The limitations on contributions to political candidates in our fair state have become so meaningless that maybe it’s time to just get rid of them.
The thought is inspired by last week’s Registry of Election Finance decision to dismiss contentions that two political action committees violated the limits law. The facts were similar, but the case involving Truth Matters PAC perhaps is the best illustration.
Andrew Miller Jr., a politically astute Nashvillian of substantial wealth, started talking up establishment of a PAC with friends sharing his views a year or so ago. The views, it seems, are more conservative than those of many Republicans, and Miller has become known as “a RINO hunter.” Or, perhaps more properly, as a supplier of ammunition to RINO-hunting candidates. RINO, of course, stands for “Republican in name only.”
Truth Matters was set up in July with Miller giving the PAC $71,000. With the Aug. 2 Republican primary looming, the PAC — which consisted then of Miller and his brother, who was listed as treasurer — promptly distributed money to conservative Republican legislative candidates trying to unseat suspected RINOs or, in other cases, prevent their election.
The contributions law says no individual can give more than $1,400 per election to a legislative candidate. Miller had already “maxed out” as an individual donor to eight of the candidates by giving each $1,400.
The PAC thus sent the RINO hunters more money from Miller — and only Miller, since no one else had contributed to Truth Matters at that point — than the law allows. This was noted in the media, and the Registry staff concluded that, by gosh, this just might, conceivably, possibly, tentatively be a case of a PAC acting as an illegal conduit to candidates.
For the 13-day period covered in the PAC’s first disclosure report, this was undeniably true. Miller’s money — thousands more than legally allowed — was sent to the selected candidates. But, then, well, there’s the way our state law on limits and such is written and a rule adopted by the Registry board that interprets that law. On a 4-2 vote, the board decided to dismiss the charges.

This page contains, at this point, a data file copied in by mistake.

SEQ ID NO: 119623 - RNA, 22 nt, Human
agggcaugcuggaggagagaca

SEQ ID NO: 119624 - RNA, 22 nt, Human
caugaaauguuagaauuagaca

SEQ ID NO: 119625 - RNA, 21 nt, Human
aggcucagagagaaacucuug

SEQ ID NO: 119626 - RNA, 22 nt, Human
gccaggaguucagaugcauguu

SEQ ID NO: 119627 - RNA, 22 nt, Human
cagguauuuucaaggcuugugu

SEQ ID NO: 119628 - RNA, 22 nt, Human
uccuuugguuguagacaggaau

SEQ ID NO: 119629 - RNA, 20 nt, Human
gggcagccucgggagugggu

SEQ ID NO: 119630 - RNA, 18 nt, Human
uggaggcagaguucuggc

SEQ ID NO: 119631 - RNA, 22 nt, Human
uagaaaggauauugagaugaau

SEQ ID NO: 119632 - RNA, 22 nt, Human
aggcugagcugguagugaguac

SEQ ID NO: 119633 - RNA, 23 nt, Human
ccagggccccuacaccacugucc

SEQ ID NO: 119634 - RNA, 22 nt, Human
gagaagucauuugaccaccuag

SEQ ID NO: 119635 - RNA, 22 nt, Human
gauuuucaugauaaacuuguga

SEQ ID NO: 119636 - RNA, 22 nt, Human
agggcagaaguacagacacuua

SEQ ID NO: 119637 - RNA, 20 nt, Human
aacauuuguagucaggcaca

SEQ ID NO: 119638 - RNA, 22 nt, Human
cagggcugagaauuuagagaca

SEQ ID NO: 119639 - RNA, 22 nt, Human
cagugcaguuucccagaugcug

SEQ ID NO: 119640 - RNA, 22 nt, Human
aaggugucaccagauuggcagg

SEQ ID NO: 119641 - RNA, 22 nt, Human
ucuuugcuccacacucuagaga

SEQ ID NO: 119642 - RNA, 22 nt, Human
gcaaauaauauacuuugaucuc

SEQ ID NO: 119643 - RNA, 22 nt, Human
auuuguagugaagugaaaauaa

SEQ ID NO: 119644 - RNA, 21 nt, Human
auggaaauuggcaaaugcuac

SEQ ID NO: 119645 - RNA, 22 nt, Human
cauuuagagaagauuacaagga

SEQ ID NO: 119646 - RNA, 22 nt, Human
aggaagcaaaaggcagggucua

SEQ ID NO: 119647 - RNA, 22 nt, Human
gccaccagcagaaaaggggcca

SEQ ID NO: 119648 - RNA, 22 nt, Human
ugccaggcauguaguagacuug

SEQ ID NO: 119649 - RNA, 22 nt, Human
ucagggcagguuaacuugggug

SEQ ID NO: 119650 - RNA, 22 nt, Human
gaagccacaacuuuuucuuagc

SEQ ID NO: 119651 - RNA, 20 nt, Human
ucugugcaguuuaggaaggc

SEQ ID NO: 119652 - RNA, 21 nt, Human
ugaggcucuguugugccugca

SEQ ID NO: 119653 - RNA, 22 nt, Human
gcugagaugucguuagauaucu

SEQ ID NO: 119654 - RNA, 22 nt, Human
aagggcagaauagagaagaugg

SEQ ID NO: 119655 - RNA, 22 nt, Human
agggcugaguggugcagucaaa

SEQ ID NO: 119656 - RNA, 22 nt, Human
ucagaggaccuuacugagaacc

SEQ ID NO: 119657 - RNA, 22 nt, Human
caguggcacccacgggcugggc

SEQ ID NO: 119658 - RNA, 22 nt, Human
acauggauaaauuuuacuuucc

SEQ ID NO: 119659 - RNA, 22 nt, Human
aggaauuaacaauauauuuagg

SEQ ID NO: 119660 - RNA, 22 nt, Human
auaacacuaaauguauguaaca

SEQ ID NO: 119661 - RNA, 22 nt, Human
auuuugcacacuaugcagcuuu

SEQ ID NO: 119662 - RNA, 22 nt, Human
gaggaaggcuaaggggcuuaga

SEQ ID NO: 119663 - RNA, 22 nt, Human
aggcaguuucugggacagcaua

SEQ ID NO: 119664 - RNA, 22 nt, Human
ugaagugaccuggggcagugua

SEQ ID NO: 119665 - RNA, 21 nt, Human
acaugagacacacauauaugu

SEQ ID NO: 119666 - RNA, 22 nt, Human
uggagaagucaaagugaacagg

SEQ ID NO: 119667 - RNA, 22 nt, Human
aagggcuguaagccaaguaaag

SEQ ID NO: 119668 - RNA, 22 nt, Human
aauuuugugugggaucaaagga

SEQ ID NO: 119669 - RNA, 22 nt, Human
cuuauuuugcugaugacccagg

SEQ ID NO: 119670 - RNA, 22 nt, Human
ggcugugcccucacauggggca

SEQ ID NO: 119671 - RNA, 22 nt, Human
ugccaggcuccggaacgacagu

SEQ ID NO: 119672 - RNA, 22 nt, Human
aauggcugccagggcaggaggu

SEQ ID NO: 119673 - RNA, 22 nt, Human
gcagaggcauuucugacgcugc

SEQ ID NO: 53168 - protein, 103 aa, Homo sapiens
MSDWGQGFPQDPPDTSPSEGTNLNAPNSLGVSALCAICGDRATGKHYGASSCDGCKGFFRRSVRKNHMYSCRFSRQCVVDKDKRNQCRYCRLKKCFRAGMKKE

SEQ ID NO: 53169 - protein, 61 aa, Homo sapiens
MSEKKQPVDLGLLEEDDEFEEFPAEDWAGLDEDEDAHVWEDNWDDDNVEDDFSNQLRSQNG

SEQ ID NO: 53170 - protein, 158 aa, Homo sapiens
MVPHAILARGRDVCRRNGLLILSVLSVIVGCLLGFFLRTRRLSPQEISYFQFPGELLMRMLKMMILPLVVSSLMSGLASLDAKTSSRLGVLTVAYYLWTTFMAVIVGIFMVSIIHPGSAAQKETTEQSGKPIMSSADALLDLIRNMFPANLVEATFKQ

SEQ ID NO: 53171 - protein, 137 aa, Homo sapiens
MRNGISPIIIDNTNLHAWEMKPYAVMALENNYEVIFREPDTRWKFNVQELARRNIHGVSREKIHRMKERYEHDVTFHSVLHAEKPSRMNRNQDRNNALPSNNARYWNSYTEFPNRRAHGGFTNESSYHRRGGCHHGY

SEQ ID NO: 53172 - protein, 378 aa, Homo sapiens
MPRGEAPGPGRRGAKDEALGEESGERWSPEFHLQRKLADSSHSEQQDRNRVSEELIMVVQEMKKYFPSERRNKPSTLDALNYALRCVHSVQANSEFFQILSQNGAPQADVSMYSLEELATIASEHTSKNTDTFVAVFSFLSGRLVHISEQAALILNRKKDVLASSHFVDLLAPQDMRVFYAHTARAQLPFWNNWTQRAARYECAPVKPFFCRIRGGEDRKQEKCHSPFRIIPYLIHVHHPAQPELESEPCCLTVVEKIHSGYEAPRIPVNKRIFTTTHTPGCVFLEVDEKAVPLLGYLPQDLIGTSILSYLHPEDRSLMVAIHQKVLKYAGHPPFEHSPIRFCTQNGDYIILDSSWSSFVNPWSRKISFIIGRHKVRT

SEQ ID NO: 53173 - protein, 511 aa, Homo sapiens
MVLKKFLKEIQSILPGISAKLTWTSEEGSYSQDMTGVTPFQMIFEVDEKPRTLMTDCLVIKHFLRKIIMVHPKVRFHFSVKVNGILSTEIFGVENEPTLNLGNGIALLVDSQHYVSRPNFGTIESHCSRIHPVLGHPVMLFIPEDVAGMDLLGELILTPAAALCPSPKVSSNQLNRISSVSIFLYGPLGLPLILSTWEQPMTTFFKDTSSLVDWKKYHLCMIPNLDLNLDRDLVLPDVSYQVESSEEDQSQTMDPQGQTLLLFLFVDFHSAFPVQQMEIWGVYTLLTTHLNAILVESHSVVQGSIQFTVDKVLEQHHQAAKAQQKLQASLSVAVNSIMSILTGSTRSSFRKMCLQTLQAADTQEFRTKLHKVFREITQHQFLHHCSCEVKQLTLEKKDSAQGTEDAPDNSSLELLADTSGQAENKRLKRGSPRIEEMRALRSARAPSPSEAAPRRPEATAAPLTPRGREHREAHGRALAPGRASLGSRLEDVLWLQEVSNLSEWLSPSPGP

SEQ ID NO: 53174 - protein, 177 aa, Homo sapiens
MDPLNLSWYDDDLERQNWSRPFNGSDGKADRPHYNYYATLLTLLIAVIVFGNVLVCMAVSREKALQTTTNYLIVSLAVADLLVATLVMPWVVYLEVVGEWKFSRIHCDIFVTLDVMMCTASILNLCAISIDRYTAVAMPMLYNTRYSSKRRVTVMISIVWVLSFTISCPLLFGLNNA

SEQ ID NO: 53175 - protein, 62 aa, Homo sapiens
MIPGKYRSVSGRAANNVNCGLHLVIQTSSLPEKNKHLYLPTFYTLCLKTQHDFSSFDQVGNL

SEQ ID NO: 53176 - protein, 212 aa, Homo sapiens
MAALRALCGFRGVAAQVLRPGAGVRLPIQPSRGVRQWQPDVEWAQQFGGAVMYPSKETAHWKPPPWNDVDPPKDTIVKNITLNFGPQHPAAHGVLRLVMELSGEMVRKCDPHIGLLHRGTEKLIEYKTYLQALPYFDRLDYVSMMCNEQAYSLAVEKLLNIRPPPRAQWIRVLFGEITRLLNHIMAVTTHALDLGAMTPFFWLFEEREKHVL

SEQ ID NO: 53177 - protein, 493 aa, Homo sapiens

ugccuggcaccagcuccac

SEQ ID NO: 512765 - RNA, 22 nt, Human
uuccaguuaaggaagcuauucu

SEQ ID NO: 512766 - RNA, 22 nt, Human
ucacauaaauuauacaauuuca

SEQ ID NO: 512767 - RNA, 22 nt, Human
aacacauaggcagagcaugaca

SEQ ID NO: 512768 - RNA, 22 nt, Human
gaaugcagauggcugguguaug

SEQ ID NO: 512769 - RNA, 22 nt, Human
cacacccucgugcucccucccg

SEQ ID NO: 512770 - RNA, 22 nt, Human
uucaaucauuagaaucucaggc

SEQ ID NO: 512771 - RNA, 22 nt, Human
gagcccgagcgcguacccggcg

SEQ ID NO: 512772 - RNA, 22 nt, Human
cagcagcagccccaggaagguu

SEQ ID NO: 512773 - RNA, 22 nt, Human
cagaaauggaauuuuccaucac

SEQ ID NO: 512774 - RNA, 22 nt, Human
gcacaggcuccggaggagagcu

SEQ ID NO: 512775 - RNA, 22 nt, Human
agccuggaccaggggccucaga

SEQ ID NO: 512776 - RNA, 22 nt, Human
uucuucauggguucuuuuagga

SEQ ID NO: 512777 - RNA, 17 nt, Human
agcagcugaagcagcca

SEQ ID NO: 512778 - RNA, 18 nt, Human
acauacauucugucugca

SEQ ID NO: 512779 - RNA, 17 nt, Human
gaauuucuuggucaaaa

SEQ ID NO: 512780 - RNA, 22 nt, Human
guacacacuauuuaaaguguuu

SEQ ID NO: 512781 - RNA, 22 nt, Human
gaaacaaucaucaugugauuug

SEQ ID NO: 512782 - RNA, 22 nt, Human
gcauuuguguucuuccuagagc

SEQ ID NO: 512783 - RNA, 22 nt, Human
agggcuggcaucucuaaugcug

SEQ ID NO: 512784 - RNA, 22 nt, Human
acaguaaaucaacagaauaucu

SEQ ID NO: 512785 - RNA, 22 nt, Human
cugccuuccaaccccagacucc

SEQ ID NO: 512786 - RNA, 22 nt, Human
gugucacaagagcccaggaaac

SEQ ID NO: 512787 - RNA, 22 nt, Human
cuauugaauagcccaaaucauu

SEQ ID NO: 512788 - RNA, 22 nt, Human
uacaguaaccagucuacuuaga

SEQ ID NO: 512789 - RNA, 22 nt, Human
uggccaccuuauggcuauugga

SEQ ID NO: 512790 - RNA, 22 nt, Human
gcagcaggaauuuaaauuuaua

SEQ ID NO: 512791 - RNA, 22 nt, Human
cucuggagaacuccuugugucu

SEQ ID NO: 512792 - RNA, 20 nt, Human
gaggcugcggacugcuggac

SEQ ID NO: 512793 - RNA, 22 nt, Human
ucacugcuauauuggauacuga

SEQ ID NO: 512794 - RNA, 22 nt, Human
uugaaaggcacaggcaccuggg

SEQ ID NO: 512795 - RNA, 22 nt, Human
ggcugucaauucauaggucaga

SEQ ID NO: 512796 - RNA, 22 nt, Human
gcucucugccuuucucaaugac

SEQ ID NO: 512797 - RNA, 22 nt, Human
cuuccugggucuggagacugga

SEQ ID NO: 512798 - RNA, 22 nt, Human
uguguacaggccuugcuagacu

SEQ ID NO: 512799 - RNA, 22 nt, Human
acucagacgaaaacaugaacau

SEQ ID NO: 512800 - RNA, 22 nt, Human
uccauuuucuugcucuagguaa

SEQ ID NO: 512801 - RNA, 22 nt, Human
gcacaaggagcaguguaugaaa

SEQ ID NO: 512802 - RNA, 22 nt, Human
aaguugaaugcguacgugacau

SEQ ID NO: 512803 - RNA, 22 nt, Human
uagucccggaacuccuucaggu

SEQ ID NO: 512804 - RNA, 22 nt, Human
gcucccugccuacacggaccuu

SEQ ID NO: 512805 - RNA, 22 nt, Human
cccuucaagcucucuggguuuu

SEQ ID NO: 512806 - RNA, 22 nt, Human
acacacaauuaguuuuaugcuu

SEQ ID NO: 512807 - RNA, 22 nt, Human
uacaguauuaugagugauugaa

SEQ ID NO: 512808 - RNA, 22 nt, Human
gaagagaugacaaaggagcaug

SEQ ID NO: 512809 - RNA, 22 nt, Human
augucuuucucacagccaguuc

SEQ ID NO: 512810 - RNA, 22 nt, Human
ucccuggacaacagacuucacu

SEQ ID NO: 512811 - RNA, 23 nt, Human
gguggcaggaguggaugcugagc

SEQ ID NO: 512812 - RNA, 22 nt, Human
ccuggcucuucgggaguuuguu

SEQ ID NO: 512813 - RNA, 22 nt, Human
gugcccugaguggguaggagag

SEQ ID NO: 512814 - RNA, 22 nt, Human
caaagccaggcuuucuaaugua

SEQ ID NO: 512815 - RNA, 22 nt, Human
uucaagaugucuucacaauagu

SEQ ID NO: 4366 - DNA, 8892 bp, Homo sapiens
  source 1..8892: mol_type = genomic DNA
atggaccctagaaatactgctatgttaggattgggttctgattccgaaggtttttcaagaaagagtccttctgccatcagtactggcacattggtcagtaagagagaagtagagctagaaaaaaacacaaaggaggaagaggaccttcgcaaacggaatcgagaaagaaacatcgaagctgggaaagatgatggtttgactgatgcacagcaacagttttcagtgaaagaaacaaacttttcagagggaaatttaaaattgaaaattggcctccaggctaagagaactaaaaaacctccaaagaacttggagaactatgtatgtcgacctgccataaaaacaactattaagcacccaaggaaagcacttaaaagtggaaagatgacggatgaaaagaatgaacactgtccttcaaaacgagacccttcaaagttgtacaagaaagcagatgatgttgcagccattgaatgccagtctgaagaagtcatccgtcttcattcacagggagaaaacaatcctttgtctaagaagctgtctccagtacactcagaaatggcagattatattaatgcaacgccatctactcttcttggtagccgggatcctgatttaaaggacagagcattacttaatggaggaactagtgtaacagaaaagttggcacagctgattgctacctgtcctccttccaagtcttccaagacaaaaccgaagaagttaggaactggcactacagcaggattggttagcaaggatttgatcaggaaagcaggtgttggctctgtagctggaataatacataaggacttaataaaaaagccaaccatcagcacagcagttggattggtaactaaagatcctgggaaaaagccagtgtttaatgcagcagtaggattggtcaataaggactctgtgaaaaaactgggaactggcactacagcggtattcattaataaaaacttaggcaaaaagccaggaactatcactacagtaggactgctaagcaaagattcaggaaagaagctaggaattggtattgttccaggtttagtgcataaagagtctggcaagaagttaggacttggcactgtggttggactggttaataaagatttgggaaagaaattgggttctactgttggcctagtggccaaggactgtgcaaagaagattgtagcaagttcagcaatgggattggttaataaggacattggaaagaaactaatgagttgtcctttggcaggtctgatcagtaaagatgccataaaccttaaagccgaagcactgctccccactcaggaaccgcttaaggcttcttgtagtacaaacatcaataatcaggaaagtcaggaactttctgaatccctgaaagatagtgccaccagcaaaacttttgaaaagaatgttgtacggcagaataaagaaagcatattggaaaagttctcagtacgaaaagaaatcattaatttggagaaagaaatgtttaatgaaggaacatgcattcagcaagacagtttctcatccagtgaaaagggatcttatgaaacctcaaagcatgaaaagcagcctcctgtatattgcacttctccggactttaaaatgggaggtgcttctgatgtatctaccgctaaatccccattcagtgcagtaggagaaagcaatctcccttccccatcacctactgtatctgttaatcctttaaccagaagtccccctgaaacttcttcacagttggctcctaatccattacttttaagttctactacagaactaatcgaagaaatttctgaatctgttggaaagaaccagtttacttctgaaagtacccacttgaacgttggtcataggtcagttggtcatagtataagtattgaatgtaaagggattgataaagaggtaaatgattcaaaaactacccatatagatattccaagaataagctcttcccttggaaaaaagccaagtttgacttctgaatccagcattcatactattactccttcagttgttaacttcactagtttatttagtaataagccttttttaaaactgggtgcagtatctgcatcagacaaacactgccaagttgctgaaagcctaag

Without getting into the arcane details, the decision was almost certainly correct. Two of the board members who voted to dismiss subsequently called for revisiting the rule that came into play and maybe changing it. The panel unanimously agreed to talk about it at the next Registry meeting.
Fundamentally, though, Miller simply made an innocent mistake in failing to follow the specific rules for dodging campaign limits. As he acknowledged, he got into a rush to get that money out to candidates so they could use it before the primary election while others who had promised to donate to the PAC were dragging their feet and while he and his brother were dealing with a parent’s terminal illness.
Had he gotten you and me to kick in $50 each, or one like-minded friend to give $1,000 or so, the dodge would have been perfectly legal. Others did donate to Truth Matters after the primary, fulfilling promises made months earlier.
As things stand now, the contribution limits can be easily and effectively ignored if you’ve got the money and a willingness to set up a PAC or two or three. Or, under a fairly recent change in the law, you’re a corporation that wants to give corporate money to candidates. It’s like the provision of current law that now says lobbyists can’t give to candidates — probably unconstitutional if anyone challenged it. But, of course, there’s no need because lobbyists can give if they set up a PAC.
The bottom line is that the rich and politically astute folks have no effective limit on how much they can give to politicians, unless they’re make an innocent mistake by getting in a rush or something. At the same time, there is a new trend to dodging disclosure of where political money comes from. We have state PACs that, in listing donors, simply report that a national group gave them the money. Who gave to the national group? We’ll never know.
Imposing campaign contribution limits was a noble, well-intentioned notion. It has not worked, and average folks don’t seem to care. Repealing all limits, if coupled with a mandatory and instantly reported full disclosure of where the money came from would be better than the shell game now being played. Truth matters.
With or without PACs.